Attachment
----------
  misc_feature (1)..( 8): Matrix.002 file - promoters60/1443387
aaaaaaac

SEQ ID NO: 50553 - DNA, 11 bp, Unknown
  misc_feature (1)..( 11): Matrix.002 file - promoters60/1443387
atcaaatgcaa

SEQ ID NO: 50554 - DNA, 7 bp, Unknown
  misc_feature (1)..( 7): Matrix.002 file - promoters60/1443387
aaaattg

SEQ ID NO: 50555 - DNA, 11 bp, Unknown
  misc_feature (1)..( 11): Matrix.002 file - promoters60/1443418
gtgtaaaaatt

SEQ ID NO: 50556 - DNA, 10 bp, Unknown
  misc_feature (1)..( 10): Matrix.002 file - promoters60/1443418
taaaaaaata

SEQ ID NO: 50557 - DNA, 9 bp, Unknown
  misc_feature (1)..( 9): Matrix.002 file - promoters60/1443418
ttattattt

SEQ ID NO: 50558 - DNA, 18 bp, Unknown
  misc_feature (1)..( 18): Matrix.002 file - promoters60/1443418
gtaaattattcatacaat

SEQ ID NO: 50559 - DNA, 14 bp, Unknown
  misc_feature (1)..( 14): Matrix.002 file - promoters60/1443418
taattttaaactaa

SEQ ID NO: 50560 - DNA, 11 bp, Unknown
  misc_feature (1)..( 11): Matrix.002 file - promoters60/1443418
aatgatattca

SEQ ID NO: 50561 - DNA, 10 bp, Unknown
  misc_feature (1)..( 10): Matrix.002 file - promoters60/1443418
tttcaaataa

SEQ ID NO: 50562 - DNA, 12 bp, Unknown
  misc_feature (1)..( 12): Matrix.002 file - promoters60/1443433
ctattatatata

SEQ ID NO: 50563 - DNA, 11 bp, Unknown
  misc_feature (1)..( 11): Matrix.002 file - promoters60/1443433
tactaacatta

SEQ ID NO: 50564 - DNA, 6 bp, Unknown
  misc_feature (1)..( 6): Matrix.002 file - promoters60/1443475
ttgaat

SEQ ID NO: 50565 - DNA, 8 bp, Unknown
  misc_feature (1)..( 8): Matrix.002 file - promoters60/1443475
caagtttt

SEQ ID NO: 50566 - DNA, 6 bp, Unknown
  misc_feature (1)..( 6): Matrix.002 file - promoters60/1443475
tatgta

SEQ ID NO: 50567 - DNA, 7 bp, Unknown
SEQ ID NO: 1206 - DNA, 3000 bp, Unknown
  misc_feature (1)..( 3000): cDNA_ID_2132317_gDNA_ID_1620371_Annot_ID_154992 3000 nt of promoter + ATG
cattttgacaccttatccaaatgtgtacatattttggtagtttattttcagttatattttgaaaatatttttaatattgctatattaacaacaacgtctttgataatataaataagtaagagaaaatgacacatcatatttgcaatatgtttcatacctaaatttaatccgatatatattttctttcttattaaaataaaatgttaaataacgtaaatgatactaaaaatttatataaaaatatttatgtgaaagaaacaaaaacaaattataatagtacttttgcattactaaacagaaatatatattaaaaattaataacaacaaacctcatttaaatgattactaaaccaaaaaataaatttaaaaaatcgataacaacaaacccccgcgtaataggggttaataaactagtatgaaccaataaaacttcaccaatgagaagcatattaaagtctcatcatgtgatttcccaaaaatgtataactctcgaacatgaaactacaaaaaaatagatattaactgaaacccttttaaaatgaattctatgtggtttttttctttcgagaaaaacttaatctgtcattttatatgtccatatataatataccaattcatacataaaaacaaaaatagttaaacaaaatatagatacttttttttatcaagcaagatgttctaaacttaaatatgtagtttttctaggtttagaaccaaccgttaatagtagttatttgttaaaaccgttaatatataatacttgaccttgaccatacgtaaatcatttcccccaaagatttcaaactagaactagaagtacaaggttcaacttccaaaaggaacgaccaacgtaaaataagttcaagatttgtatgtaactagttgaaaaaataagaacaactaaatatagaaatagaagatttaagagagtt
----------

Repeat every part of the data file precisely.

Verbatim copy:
  misc_feature (1)..( 8): Matrix.002 file - promoters60/1443387
aaaaaaac

SEQ ID NO: 50553 - DNA, 11 bp, Unknown
  misc_feature (1)..( 11): Matrix.002 file - promoters60/1443387
atcaaatgcaa

SEQ ID NO: 50554 - DNA, 7 bp, Unknown
  misc_feature (1)..( 7): Matrix.002 file - promoters60/1443387
aaaattg

SEQ ID NO: 50555 - DNA, 11 bp, Unknown
  misc_feature (1)..( 11): Matrix.002 file - promoters60/1443418
gtgtaaaaatt

SEQ ID NO: 50556 - DNA, 10 bp, Unknown
  misc_feature (1)..( 10): Matrix.002 file - promoters60/1443418
taaaaaaata

SEQ ID NO: 50557 - DNA, 9 bp, Unknown
  misc_feature (1)..( 9): Matrix.002 file - promoters60/1443418
ttattattt

SEQ ID NO: 50558 - DNA, 18 bp, Unknown
  misc_feature (1)..( 18): Matrix.002 file - promoters60/1443418
gtaaattattcatacaat

SEQ ID NO: 50559 - DNA, 14 bp, Unknown
  misc_feature (1)..( 14): Matrix.002 file - promoters60/1443418
taattttaaactaa

SEQ ID NO: 50560 - DNA, 11 bp, Unknown
  misc_feature (1)..( 11): Matrix.002 file - promoters60/1443418
aatgatattca

SEQ ID NO: 50561 - DNA, 10 bp, Unknown
  misc_feature (1)..( 10): Matrix.002 file - promoters60/1443418
tttcaaataa

SEQ ID NO: 50562 - DNA, 12 bp, Unknown
  misc_feature (1)..( 12): Matrix.002 file - promoters60/1443433
ctattatatata

SEQ ID NO: 50563 - DNA, 11 bp, Unknown
  misc_feature (1)..( 11): Matrix.002 file - promoters60/1443433
tactaacatta

SEQ ID NO: 50564 - DNA, 6 bp, Unknown
  misc_feature (1)..( 6): Matrix.002 file - promoters60/1443475
ttgaat

SEQ ID NO: 50565 - DNA, 8 bp, Unknown
  misc_feature (1)..( 8): Matrix.002 file - promoters60/1443475
caagtttt

SEQ ID NO: 50566 - DNA, 6 bp, Unknown
  misc_feature (1)..( 6): Matrix.002 file - promoters60/1443475
tatgta

SEQ ID NO: 50567 - DNA, 7 bp, Unknown
SEQ ID NO: 1206 - DNA, 3000 bp, Unknown
  misc_feature (1)..( 3000): cDNA_ID_2132317_gDNA_ID_1620371_Annot_ID_154992 3000 nt of promoter + ATG
cattttgacaccttatccaaatgtgtacatattttggtagtttattttcagttatattttgaaaatatttttaatattgctatattaacaacaacgtctttgataatataaataagtaagagaaaatgacacatcatatttgcaatatgtttcatacctaaatttaatccgatatatattttctttcttattaaaataaaatgttaaataacgtaaatgatactaaaaatttatataaaaatatttatgtgaaagaaacaaaaacaaattataatagtacttttgcattactaaacagaaatatatattaaaaattaataacaacaaacctcatttaaatgattactaaaccaaaaaataaatttaaaaaatcgataacaacaaacccccgcgtaataggggttaataaactagtatgaaccaataaaacttcaccaatgagaagcatattaaagtctcatcatgtgatttcccaaaaatgtataactctcgaacatgaaactacaaaaaaatagatattaactgaaacccttttaaaatgaattctatgtggtttttttctttcgagaaaaacttaatctgtcattttatatgtccatatataatataccaattcatacataaaaacaaaaatagttaaacaaaatatagatacttttttttatcaagcaagatgttctaaacttaaatatgtagtttttctaggtttagaaccaaccgttaatagtagttatttgttaaaaccgttaatatataatacttgaccttgaccatacgtaaatcatttcccccaaagatttcaaactagaactagaagtacaaggttcaacttccaaaaggaacgaccaacgtaaaataagttcaagatttgtatgtaactagttgaaaaaataagaacaactaaatatagaaatagaagatttaagagagtt